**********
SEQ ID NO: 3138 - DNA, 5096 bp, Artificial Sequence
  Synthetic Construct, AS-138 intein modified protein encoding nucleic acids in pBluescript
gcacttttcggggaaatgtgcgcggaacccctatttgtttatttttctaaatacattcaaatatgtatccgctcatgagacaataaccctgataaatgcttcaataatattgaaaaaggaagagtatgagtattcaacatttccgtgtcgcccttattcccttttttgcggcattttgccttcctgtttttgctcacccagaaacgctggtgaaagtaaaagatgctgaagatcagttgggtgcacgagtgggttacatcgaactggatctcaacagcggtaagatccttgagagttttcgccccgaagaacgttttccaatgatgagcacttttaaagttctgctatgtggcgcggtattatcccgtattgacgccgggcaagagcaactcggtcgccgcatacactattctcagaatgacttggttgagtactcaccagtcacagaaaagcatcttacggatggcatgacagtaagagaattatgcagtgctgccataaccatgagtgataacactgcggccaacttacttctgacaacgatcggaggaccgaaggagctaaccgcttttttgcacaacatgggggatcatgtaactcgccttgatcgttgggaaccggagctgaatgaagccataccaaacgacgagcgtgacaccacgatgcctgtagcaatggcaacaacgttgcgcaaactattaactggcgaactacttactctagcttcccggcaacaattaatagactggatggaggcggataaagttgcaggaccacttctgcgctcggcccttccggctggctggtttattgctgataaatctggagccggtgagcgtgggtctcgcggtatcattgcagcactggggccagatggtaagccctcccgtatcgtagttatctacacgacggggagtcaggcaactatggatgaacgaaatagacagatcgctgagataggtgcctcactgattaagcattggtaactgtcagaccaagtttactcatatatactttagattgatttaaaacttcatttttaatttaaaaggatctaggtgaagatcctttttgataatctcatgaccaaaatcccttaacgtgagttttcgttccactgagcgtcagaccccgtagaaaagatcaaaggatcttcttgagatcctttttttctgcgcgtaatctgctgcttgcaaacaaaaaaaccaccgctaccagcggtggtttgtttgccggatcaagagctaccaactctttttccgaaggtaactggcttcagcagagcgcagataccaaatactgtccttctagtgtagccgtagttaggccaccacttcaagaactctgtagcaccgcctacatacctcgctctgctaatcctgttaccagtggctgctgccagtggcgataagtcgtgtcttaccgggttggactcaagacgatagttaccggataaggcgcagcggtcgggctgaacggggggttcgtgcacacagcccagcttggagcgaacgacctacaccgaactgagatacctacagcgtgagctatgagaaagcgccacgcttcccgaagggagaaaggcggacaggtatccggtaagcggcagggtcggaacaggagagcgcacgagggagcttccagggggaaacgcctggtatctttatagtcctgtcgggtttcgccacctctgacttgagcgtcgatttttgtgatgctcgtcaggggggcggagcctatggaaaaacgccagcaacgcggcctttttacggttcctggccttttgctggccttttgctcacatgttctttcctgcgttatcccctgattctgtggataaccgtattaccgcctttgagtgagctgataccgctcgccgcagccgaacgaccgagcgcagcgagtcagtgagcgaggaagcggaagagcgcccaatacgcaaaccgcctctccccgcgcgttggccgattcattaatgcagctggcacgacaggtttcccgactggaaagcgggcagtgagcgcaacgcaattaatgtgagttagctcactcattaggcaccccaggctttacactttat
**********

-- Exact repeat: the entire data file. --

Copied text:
SEQ ID NO: 3138 - DNA, 5096 bp, Artificial Sequence
  Synthetic Construct, AS-138 intein modified protein encoding nucleic acids in pBluescript
gcacttttcggggaaatgtgcgcggaacccctatttgtttatttttctaaatacattcaaatatgtatccgctcatgagacaataaccctgataaatgcttcaataatattgaaaaaggaagagtatgagtattcaacatttccgtgtcgcccttattcccttttttgcggcattttgccttcctgtttttgctcacccagaaacgctggtgaaagtaaaagatgctgaagatcagttgggtgcacgagtgggttacatcgaactggatctcaacagcggtaagatccttgagagttttcgccccgaagaacgttttccaatgatgagcacttttaaagttctgctatgtggcgcggtattatcccgtattgacgccgggcaagagcaactcggtcgccgcatacactattctcagaatgacttggttgagtactcaccagtcacagaaaagcatcttacggatggcatgacagtaagagaattatgcagtgctgccataaccatgagtgataacactgcggccaacttacttctgacaacgatcggaggaccgaaggagctaaccgcttttttgcacaacatgggggatcatgtaactcgccttgatcgttgggaaccggagctgaatgaagccataccaaacgacgagcgtgacaccacgatgcctgtagcaatggcaacaacgttgcgcaaactattaactggcgaactacttactctagcttcccggcaacaattaatagactggatggaggcggataaagttgcaggaccacttctgcgctcggcccttccggctggctggtttattgctgataaatctggagccggtgagcgtgggtctcgcggtatcattgcagcactggggccagatggtaagccctcccgtatcgtagttatctacacgacggggagtcaggcaactatggatgaacgaaatagacagatcgctgagataggtgcctcactgattaagcattggtaactgtcagaccaagtttactcatatatactttagattgatttaaaacttcatttttaatttaaaaggatctaggtgaagatcctttttgataatctcatgaccaaaatcccttaacgtgagttttcgttccactgagcgtcagaccccgtagaaaagatcaaaggatcttcttgagatcctttttttctgcgcgtaatctgctgcttgcaaacaaaaaaaccaccgctaccagcggtggtttgtttgccggatcaagagctaccaactctttttccgaaggtaactggcttcagcagagcgcagataccaaatactgtccttctagtgtagccgtagttaggccaccacttcaagaactctgtagcaccgcctacatacctcgctctgctaatcctgttaccagtggctgctgccagtggcgataagtcgtgtcttaccgggttggactcaagacgatagttaccggataaggcgcagcggtcgggctgaacggggggttcgtgcacacagcccagcttggagcgaacgacctacaccgaactgagatacctacagcgtgagctatgagaaagcgccacgcttcccgaagggagaaaggcggacaggtatccggtaagcggcagggtcggaacaggagagcgcacgagggagcttccagggggaaacgcctggtatctttatagtcctgtcgggtttcgccacctctgacttgagcgtcgatttttgtgatgctcgtcaggggggcggagcctatggaaaaacgccagcaacgcggcctttttacggttcctggccttttgctggccttttgctcacatgttctttcctgcgttatcccctgattctgtggataaccgtattaccgcctttgagtgagctgataccgctcgccgcagccgaacgaccgagcgcagcgagtcagtgagcgaggaagcggaagagcgcccaatacgcaaaccgcctctccccgcgcgttggccgattcattaatgcagctggcacgacaggtttcccgactggaaagcgggcagtgagcgcaacgcaattaatgtgagttagctcactcattaggcaccccaggctttacactttat